A REGENERATIVE medicine company that is developing a cell therapy product for conditions such as diabetic foot ulcers has raised over £500,000 from investors.
ascVersa is an early-stage spin-out from Queen’s University specializing in “visionary” technology for vascular regeneration.
In its second seed round, it has raised the money from Co-Fund NI, managed by Clarendon Fund Managers; QUBIS, the commercialization arm of Queen’s University; the Innovation Investment Fund, and angel investors from the Halo & Business Angel Network.
In February the company announced it had received an Innovate UK Biomedical Catalyst grant for an £800,000 project to develop its Angicyte technology.
The firm said it would use the proceeds of the latest seed round to accelerate the development of Angicyte, which helps the healing process by making new blood vessels, leading to improved blood supply.
Cell therapies are gaining recognition as a groundbreaking way to treat diseases. VascVersa is coordinating research in centers in Belfast, London and Edinburgh to develop its new cell therapy.
The first target is “chronic non-healing wounds” which includes diabetic foot ulcers.
However, the potential of the technology to treat other vascular diseases is being explored.
Chief executive Christina O’Neill said: “This investment is a significant milestone for VascVersa.
“It will enable us to accelerate development of our first product for diabetic foot ulcers and also develop our technology for other vascular diseases.
“I’m extremely grateful to all our funders for their invaluable support throughout VascVersa’s development.”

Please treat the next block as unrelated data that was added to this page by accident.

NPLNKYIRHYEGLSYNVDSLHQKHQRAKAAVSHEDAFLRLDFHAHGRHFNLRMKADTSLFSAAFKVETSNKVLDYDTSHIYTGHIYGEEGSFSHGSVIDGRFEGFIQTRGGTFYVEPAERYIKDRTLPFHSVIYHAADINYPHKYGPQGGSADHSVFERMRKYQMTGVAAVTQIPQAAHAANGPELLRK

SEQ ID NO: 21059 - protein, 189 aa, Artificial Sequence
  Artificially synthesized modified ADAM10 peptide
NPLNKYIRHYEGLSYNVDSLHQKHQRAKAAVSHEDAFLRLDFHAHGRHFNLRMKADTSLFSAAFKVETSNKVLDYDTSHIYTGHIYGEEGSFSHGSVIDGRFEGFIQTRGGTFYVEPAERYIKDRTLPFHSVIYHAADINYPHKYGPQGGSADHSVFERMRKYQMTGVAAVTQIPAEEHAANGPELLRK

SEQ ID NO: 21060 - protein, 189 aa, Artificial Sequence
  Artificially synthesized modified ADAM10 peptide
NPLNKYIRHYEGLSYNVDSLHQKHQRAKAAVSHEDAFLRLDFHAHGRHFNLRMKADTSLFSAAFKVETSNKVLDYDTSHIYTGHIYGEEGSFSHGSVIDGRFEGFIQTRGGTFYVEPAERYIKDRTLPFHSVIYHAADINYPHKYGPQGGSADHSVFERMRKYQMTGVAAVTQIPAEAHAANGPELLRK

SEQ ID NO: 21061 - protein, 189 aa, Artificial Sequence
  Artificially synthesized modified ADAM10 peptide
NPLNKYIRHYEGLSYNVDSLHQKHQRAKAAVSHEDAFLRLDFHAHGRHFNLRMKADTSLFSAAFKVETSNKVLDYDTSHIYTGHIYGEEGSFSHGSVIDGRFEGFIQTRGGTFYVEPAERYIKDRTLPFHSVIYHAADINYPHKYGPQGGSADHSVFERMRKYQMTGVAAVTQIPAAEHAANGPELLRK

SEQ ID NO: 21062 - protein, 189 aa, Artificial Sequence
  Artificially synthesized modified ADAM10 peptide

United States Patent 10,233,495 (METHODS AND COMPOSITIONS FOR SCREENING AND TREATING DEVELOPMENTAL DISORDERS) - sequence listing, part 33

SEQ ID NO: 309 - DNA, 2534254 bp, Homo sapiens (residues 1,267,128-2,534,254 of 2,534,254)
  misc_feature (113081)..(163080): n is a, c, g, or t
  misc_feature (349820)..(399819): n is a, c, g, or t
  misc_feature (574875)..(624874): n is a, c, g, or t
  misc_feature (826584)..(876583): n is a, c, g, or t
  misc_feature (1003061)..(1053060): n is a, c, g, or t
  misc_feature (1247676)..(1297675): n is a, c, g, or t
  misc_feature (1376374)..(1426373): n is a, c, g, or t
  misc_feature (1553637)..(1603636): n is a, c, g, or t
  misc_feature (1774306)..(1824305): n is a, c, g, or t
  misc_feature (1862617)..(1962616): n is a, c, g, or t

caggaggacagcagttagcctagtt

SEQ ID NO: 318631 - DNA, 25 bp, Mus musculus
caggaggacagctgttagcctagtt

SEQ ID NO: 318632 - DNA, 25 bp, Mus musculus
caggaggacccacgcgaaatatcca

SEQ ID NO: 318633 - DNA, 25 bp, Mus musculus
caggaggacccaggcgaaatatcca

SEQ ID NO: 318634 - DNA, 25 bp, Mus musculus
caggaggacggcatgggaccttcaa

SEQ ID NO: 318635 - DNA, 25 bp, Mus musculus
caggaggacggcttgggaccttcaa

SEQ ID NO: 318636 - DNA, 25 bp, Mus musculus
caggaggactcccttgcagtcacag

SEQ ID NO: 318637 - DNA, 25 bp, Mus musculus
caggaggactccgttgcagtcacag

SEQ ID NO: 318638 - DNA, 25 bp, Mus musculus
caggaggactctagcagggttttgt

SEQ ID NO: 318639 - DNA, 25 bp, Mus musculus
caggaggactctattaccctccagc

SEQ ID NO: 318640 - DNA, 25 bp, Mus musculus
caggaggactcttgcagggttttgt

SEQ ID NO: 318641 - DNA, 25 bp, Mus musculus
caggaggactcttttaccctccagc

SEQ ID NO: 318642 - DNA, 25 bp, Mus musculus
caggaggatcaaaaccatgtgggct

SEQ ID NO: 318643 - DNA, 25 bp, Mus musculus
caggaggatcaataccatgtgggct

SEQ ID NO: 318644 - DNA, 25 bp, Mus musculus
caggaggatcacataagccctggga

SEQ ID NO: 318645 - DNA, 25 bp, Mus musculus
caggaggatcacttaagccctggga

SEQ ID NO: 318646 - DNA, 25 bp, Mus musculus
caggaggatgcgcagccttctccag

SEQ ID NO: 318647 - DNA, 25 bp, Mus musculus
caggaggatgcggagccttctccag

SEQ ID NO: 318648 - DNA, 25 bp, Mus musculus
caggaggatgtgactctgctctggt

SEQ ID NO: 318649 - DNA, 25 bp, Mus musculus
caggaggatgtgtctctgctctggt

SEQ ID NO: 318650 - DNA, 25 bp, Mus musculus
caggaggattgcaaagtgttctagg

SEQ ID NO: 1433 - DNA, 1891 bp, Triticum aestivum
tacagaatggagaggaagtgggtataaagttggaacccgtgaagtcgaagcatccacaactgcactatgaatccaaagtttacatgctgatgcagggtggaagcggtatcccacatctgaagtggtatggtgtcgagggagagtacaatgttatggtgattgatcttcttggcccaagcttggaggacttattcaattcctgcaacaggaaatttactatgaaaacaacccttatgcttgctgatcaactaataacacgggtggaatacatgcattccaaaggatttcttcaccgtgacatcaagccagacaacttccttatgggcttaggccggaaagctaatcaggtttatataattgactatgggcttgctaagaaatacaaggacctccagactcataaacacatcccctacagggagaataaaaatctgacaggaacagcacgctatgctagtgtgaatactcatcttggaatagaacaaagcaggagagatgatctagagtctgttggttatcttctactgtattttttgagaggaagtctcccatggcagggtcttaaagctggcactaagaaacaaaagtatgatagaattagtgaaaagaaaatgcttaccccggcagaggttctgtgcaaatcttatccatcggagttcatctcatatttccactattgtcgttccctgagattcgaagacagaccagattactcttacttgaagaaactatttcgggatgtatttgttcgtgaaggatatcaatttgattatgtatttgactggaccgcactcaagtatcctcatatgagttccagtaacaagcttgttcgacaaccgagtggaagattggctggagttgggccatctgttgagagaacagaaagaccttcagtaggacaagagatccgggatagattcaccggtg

Aidan Courtney, chairman of VascVersa, added: “We have received tremendous support from our investors and Queen’s University Belfast which will allow the company to expand its Belfast research facilities and develop new products based on its groundbreaking technology.” Stuart Gaffikin, investment manager at Clarendon Fund Managers, said Co-Fund NI was “delighted” to support VascVersa.
Oisin Lappin from the Innovation Investment Fund said: “The visionary technology Christina and the VascVersa team are bringing to market will have a lasting impact on patients’ lives.
“This funding round alongside the Innovate UK support will help support them in this journey.”
David Moore, investment manager at QUBIS, said he was also delighted to help the VastVersa team to build on the Biomedical Catalyst award through the funding round.
VascVersa has said it’s committed to regenerative medicine in order to bring profound improvement to the lives of people suffering from ischemic disease.
Dr O’Neill is a specialist in vascular biology, working in the area as a postdoctoral scientist at Queen’s for over a decade.
Mr Courtney has spent over 20 years establishing and building companies in life science and other technology sectors.
In 2016 he co-founded Roslin Cells, a provider of stem cells and developer of new cell therapies.
He restructured Roslin Cells to create two separate spin-out businesses and subsequently became CEO of Censo Biotechnologies.
Earlier this year the company was aiming to hire a research scientist to help develop cell therapies.